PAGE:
It began in the heat of summer, learning new pass routes in shorts and tee-shirts, then donning pads and absorbing the first bruises of another NFL season.
They played four exhibition games, sorting the men from the boys, then 16 regular-season games, adjusting for injuries, dealing with adversity, taking risks with lineup changes.
They kept their heads above water, won a division title along the way, qualified for the playoffs and won with a stirring comeback in the wild-card round.
They hit the road for a divisional playoff game, landed in a hostile environment, still managed to extend the game into overtime, then lost the coin toss. And never touched the ball. One possession and one win short of the Super Bowl, perhaps, and they never touched the ball. End of game, end of season.
It happened to the Pittsburgh Steelers last weekend. It happened to the Oakland Raiders last year in the snow at New England. It could happen to any of four teams this weekend.
Since the NFL adopted sudden-death overtime in 1974, nearly one of every three OT games has been decided by a single possession. In other words, the team that won the toss drove for the winning score without the opposing team ever touching the ball.
How such an inequitable rule has survived for so long is hard to understand, especially with high schools and colleges thriving from other formats.
If the outcome of the Fiesta Bowl, where Ohio State beat Miami for the major college national championship in two overtimes, proved nothing else, it emphatically showed that the NFL has an inferior overtime procedure.
Both teams must have an equal opportunity to win. Especially in the playoffs.
At this time of year, most players are in it for the glory. Rings and championships. But they are professionals, remember, so we must discuss money.
Each Pittsburgh player earned $17,000 in each of the team's playoff games. That adds up to $34,000, which isn't bad, but which is less than each Eagle, Buc, Raider and Titan will earn this weekend in conference title games. The difference between losing in the divisional round and winning the Super Bowl is about $100,000 per man.
And they didn't touch the ball in overtime.
High school and college OT rules assure each team equal chances, starting at the opponents' 25 yard line.
If the NFL wants to maintain its individuality, here's a format it could consider:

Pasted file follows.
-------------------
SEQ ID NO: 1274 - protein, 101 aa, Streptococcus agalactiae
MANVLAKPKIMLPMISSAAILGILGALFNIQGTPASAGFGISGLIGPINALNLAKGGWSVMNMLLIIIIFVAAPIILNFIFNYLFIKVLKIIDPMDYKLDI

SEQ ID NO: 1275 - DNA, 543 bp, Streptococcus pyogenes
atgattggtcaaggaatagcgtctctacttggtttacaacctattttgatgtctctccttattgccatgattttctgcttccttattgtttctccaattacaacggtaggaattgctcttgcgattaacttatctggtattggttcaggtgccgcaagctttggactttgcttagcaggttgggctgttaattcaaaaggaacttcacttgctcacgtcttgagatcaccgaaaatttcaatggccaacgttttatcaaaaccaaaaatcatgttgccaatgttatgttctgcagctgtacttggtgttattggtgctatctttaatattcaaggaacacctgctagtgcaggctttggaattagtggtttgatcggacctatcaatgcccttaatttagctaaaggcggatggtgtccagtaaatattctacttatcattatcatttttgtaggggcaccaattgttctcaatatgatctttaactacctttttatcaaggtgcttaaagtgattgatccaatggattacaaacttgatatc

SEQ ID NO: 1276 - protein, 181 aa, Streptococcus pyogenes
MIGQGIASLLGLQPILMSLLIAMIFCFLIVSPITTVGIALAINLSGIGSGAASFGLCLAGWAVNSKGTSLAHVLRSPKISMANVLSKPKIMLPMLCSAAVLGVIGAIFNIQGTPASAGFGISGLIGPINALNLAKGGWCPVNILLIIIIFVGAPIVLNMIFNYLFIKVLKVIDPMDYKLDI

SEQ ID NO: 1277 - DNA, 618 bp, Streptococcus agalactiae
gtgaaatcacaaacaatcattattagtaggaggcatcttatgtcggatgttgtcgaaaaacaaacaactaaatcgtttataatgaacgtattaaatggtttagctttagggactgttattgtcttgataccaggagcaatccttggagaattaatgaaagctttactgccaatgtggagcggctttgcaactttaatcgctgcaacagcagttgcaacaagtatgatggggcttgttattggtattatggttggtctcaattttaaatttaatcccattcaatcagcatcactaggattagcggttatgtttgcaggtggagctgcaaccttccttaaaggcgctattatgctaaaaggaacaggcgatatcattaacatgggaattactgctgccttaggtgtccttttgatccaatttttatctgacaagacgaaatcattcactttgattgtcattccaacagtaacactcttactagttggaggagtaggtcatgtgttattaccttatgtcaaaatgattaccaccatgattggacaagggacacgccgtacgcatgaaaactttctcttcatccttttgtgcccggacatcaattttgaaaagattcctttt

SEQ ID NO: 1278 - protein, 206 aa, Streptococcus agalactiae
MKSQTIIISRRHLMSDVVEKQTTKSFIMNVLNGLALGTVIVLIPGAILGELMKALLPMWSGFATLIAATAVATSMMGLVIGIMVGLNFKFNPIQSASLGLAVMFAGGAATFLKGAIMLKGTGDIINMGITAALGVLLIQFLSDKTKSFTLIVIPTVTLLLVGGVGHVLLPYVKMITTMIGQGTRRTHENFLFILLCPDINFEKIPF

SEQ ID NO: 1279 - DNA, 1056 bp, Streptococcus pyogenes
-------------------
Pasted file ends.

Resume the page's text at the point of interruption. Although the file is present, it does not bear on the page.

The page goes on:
A coin is flipped. The winner chooses offense or defense. From that point on, the game is played in a regular manner. There is a kickoff and the receiving team (Team A) has a first down from the point of the return. The possession ends in a score, a punt, a turnover or on downs.
If Team A scores a touchdown or field goal on its first possession, it then kicks off and Team B gets its chance against the long field. If Team A doesn't score, Team B gains possession as it would under normal rules - a punt, an interception, etc. Any defensive touchdown scored during the first two possessions would, of course, end the game.
If Team A scores and then holds Team B scoreless or to fewer points, the game is over. If Team B uses its possession to outscore Team A, the game is over. If the score remains tied after each team has had one possession, the game continues under normal rules but reverts to a sudden-death format, with a coin flip determining which team gets the ball first. Each team has had one possession, one equal chance, and after that the first team to score in whatever manner would be the winner.
This format would not cater to television - so perhaps it is doomed - as it could cause overtimes to last longer and impact broadcast schedules. A college format would be more TV-friendly.
Fine. Whatever. Just change it. The NFL's overtime has been unfair for nearly three decades, and that's long enough.
My goodness, is Tampa Bay's offense suddenly that good, or were the 49ers just that putrid last weekend? It figures that the NFC title game is going to be all defense, with the yards surrendered grudgingly. Swami thinks that puts the ball in the hands of the Bucs' Mike Alstott, and the bruising back might be enough to put Jon Gruden in the Super Bowl against his former team. It will be a mild upset, especially in not-so-tropical Veterans Stadium, when the Bucs erase memories of last year's playoff bomb against the Eagles and edge Philadelphia, 13-10.
Earlier this season, Tennessee visited Oakland and lost by a whopping 52-25. Sure, the Titans are vastly improved, and Steve McNair is better than ever, but the Raiders haven't exactly gone backwards. Oakland has so many offensive weapons, led by NFL player of the year Rich Gannon, and a defense that can slam the door. Swami likes the Raiders to advance to the Super Bowl, 34-24.